Double Dare taught us all that when in doubt, you can get anywhere in life by accepting a challenge and filling a glass of milk glued to a helmet. To this day, when I hear, “On your mark, get set, GO” I start ferociously eating pies.

I always wondered if the dads on the show would get mad at their freeloading kids forcing them to go for the challenge rather than the better bet of answering a question and winning money to pay for the godforsaken trip to Orlando when all he wants to do is play some golf and drink some beer but no of course not he had to go on a game show and make a fool of himself in front of everyone and now he’s losing money to some bratty kids and ...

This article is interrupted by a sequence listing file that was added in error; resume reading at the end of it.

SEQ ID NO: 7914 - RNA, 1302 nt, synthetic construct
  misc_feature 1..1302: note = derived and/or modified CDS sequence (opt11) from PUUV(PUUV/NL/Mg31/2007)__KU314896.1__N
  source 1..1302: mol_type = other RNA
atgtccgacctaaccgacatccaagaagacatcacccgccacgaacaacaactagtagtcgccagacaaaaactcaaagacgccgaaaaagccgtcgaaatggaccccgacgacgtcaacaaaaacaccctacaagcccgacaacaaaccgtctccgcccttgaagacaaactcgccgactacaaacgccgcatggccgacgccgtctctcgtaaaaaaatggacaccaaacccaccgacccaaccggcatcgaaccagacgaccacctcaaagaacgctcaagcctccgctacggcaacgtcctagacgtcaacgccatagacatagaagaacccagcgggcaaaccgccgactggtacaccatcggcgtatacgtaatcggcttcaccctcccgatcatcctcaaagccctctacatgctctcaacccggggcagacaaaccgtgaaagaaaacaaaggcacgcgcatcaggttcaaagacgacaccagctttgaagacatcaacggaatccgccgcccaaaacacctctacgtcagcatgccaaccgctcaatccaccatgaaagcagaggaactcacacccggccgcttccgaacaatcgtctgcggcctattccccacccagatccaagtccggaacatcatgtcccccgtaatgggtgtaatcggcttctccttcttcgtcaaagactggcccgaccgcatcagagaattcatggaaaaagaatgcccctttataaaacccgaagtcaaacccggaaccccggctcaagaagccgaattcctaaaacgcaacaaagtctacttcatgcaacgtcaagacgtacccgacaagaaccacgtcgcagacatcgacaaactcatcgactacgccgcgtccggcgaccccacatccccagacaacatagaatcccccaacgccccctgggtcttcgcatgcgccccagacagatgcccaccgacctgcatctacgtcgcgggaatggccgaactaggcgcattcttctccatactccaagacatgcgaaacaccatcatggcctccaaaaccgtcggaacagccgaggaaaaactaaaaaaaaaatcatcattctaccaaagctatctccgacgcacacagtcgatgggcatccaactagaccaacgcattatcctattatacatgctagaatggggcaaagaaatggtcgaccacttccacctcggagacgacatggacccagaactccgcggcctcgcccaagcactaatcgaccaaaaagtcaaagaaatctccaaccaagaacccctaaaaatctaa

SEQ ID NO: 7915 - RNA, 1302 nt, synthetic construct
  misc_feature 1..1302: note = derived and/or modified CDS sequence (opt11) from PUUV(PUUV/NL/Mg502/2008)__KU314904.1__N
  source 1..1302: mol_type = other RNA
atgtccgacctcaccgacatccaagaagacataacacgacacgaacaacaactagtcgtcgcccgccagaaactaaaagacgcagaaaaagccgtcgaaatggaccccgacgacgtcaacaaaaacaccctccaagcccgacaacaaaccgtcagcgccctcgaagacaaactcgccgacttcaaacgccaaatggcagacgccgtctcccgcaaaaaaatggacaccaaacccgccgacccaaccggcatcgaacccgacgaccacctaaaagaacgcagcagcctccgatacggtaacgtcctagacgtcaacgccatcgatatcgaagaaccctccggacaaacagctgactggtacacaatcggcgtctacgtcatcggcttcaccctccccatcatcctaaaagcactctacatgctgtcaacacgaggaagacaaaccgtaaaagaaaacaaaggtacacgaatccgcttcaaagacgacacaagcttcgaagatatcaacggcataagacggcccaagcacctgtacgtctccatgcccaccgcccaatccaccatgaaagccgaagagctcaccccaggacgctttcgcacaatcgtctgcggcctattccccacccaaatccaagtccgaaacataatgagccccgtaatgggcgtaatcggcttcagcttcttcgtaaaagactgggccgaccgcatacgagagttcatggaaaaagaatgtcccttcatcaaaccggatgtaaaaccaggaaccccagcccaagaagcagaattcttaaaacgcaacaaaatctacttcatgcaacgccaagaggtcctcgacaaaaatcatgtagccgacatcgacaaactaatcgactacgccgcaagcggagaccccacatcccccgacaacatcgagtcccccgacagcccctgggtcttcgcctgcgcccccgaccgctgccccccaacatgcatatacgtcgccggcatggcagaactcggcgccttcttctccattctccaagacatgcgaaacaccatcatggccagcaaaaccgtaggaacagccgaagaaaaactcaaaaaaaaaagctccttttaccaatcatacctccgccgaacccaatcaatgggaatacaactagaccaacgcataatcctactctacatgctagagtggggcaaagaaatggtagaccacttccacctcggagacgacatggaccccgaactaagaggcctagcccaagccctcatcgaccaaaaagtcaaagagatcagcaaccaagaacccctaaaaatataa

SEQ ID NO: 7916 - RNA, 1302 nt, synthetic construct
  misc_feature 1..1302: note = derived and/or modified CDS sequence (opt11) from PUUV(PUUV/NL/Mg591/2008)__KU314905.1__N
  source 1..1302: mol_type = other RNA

Children of the 90s: I hope that someday when I have a family of my own, we too can resolve problems by filling glasses of milk and mounting them on helmets. Heck, I don’t even care if we have a problem or not. I’m just going to make those helmets. They just seem like an awesome accessory to have on hand, assuming you like to drink over a tarp.

I too was pretty impressed by the parents on this show, they really gave it their all. I’m not sure I can imagine my family getting quite so behind a mission that involves sliding headfirst into the Gak geiser. On the plus side, though, I’m sure it made for some pretty awesome souvenir videos to drag out during a lull in the next family reunion: “Oh, and here’s where mom dove into the mashed potato vat to get the last orange flag! Rewind that so we can watch it in slow-mo, will you, Johnny?”

WildARSChase: I wish they would’ve shown some really dysfunctional families (more reality TV style) who would berate each other and screw each other over. That would’ve added a whole new dimension.

That's all we've got for you today, folks! Don't forget to stop by Andy's blog to see our Hey Dude post, too!